The State Corporation Commission endorsed construction of two portions of the 500-kilovolt transmission line, proposed jointly by the Trans-Allegheny Interstate Line Co. and Dominion Virginia Power.
In its unanimous ruling, the SCC concluded the proposed power line meets standards set by Virginia law and must be approved. West Virginia regulators have already approved that state's portion of the line; Pennsylvania has yet to act.
The SCC said work on the $243 million Virginia portion of the line could not begin until all the states have given it the green light.
3 billion Trans-Allegheny Interstate Line would run some 240 miles from the southwestern corner of Pennsylvania, through north central West Virginia and through northern Virginia.
Proponents have argued the Mid-Atlantic region is facing the breaking point because of surging power demands, and Virginia regulators agreed that those anticipated reliability problems "must be fixed."
After hearings this summer, an SCC examiner recommended that the commission approve an application for Virginia's portion of the power line.
"The SCC agreed with its hearing examiner that the need for the line had been proven, specifically to cure the reliability problems that will occur on an existing high-voltage line by 2011," the commission said in a statement announcing the decision.
Regulators said they considered alternatives such as new power plants and conservation and found that the transmission line is the best alternative.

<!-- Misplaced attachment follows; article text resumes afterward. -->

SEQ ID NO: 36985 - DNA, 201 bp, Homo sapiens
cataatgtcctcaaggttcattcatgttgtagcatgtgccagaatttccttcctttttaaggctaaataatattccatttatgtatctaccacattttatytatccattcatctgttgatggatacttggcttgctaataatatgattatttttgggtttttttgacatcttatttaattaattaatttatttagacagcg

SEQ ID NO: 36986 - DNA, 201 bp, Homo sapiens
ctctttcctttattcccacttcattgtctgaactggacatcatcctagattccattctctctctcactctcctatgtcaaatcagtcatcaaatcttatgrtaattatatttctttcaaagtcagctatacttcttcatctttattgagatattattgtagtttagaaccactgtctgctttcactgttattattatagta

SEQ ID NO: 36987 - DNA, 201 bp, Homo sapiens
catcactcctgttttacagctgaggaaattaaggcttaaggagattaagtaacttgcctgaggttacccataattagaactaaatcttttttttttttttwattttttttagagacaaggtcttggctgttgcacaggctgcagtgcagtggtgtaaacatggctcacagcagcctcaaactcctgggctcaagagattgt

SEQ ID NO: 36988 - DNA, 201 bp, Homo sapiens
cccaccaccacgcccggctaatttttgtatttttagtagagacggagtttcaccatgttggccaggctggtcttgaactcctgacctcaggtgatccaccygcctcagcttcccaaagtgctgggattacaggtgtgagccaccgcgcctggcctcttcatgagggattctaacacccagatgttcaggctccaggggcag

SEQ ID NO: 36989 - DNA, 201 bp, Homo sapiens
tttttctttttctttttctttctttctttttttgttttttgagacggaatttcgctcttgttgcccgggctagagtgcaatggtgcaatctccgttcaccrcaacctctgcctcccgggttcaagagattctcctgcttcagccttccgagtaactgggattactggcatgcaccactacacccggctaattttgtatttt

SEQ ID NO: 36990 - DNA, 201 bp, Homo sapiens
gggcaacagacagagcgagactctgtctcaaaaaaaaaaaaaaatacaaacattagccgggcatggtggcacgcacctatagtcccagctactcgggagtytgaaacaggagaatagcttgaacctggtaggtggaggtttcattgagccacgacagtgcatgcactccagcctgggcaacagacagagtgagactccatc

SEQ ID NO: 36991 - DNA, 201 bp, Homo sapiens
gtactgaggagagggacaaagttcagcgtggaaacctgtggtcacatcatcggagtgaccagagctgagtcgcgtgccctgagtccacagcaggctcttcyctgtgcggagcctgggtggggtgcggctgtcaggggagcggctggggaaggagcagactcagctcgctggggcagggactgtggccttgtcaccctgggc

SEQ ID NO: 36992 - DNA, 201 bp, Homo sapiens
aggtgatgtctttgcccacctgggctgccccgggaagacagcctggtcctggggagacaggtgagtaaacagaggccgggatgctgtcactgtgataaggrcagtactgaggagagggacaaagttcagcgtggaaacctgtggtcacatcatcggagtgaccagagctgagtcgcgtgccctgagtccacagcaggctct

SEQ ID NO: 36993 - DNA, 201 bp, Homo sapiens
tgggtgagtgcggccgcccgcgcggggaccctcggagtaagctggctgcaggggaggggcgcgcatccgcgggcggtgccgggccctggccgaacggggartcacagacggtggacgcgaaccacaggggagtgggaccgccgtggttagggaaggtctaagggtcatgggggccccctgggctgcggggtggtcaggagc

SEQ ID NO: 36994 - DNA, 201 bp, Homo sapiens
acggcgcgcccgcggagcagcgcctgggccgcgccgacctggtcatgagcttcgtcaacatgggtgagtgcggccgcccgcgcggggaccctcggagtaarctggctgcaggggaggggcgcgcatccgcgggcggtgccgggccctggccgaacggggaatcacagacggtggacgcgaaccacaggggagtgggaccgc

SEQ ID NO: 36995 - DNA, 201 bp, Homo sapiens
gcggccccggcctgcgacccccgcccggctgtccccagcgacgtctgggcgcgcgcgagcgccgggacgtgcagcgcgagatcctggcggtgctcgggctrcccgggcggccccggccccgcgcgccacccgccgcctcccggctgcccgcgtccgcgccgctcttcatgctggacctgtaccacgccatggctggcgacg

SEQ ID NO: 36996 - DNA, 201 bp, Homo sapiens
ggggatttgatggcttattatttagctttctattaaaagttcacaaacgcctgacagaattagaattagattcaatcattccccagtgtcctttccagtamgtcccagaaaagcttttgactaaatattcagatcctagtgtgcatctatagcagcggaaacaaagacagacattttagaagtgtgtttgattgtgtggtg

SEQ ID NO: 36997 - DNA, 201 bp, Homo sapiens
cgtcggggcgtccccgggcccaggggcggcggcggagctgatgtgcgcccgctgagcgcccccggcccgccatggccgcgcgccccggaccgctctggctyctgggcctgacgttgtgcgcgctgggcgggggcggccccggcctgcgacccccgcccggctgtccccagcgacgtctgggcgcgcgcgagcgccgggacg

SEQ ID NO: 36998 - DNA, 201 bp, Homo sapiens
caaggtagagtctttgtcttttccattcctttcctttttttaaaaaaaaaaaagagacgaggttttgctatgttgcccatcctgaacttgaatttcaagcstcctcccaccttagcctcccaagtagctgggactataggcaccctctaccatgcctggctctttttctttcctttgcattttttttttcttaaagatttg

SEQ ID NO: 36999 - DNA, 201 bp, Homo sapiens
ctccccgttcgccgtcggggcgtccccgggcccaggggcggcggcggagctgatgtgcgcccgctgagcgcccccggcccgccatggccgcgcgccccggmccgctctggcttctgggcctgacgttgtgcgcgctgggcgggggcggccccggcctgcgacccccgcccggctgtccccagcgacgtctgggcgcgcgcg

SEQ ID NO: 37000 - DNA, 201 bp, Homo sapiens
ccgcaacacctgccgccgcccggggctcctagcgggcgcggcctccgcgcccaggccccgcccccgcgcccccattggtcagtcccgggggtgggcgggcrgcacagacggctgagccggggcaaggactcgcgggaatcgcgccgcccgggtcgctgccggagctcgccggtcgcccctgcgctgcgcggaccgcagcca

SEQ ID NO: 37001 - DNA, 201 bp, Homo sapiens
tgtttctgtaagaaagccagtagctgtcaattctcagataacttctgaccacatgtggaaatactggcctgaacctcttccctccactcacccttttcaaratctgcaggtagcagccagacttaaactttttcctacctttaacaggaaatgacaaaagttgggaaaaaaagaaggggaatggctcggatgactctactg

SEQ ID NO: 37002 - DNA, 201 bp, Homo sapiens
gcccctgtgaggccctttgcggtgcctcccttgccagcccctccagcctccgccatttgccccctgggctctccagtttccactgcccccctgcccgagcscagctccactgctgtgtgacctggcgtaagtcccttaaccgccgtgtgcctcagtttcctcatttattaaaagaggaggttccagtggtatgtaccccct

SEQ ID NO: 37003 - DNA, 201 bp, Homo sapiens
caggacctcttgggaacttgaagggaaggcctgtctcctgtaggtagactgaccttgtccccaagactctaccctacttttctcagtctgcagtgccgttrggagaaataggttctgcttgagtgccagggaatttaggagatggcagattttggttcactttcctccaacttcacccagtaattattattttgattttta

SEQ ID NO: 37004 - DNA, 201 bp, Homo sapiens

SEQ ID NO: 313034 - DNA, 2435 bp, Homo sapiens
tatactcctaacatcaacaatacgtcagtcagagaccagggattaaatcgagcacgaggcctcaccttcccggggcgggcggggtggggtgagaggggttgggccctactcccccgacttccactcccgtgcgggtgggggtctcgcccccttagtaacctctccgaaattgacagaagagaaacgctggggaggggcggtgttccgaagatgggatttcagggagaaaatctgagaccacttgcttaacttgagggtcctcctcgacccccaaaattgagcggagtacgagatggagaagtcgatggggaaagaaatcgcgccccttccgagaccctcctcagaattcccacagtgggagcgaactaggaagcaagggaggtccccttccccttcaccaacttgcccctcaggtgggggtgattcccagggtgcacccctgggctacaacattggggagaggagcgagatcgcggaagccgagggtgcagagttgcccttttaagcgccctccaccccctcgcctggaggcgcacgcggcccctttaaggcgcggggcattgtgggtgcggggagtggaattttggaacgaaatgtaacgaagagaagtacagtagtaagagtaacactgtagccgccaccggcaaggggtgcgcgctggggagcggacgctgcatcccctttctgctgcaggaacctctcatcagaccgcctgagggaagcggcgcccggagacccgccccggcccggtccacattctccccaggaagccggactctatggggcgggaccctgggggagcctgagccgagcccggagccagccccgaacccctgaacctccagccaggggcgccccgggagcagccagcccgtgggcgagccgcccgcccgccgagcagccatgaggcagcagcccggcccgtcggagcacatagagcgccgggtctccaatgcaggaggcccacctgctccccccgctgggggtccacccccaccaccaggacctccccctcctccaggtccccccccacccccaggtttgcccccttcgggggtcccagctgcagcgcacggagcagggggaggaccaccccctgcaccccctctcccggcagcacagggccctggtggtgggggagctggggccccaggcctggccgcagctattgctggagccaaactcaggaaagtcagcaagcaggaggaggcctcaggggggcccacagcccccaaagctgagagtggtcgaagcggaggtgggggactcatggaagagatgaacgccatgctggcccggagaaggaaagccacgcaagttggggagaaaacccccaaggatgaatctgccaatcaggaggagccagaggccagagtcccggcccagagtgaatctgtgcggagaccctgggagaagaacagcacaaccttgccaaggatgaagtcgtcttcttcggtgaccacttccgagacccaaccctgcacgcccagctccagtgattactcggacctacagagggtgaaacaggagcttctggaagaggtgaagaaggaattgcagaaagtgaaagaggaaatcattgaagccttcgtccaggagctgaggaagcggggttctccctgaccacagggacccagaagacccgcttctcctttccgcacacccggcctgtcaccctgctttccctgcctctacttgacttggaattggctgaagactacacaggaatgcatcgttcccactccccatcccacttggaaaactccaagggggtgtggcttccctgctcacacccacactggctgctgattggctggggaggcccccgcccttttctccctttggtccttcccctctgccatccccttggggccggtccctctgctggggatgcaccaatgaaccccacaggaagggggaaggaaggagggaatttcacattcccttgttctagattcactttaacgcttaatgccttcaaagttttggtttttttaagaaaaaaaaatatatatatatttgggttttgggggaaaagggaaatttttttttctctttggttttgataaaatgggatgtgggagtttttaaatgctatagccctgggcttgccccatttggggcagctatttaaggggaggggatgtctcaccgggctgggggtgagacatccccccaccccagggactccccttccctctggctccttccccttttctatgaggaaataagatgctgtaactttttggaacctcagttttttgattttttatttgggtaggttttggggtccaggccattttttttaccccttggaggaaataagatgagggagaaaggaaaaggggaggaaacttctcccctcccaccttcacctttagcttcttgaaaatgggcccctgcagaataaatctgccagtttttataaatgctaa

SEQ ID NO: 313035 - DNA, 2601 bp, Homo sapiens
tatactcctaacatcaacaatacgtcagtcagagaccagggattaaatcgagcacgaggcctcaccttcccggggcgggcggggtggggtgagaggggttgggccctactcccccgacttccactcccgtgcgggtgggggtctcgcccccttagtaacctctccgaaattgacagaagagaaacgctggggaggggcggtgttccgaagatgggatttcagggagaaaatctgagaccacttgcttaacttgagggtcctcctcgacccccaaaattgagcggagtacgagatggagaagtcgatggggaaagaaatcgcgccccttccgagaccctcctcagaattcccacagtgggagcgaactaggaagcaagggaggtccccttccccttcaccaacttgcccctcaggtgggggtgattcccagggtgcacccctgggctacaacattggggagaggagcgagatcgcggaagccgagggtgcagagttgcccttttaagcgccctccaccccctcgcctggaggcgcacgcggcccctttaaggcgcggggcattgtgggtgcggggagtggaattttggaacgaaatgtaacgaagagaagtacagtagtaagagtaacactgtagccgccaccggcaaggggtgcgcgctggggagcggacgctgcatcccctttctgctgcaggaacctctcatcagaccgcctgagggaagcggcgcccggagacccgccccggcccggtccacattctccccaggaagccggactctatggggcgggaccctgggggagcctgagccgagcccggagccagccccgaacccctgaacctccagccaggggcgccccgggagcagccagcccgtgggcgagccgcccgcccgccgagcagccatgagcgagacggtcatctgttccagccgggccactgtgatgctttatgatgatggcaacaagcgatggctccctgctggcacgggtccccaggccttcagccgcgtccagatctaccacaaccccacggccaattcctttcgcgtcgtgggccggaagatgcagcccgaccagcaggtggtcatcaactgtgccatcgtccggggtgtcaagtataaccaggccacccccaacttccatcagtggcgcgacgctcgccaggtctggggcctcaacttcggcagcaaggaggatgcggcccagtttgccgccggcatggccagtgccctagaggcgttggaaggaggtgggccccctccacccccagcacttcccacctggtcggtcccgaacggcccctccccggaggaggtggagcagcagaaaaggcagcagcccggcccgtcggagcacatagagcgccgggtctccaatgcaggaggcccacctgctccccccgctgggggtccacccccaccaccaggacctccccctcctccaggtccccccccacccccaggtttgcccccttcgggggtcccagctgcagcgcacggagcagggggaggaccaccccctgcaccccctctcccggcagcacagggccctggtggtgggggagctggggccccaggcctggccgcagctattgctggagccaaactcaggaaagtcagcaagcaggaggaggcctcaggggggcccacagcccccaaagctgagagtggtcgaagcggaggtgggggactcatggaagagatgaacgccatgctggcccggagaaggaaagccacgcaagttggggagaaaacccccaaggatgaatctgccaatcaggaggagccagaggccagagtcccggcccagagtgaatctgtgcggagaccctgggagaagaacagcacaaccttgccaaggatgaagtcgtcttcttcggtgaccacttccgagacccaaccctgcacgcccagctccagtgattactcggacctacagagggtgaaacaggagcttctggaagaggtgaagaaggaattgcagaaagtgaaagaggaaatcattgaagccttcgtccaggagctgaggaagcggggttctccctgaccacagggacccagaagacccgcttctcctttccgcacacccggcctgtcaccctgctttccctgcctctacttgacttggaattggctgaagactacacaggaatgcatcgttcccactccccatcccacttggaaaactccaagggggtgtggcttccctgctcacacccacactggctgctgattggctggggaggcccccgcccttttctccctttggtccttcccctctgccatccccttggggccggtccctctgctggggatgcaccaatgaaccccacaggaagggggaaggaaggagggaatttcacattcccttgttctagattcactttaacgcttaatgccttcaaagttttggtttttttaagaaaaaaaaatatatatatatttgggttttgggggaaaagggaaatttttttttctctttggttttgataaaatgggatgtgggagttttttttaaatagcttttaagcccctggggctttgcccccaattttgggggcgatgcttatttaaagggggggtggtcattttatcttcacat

But opponents maintained that Dominion hasn't done enough to meet Virginia's energy needs by upgrading equipment, through conservation and other initiatives.
"We believe that Virginians need to take care of Virginia's problems," said Robert Lazaro of the Piedmont Environmental Council. "This is about shipping electricity from coal-fired plants to New Jersey."
In a statement, Dominion called the transmission line "the best and only answer to keep the lights on in an important section of our country and our state beginning in the summer of 2011."
A Dominion vice president, John D. Smatlak, said while the utility strives to offer energy-saving programs, "There will be times that we must add transmission lines to keep electricity flowing."
Electricity wholesaler PJM Interconnections, which operates the region's power grid, has said many transmission lines operate close to their limits and may not be able to meet demand in as little as five years.
Opponents also have included business owners, who fear higher rates, and landowners who say the transmission line will carve up open space, including farms.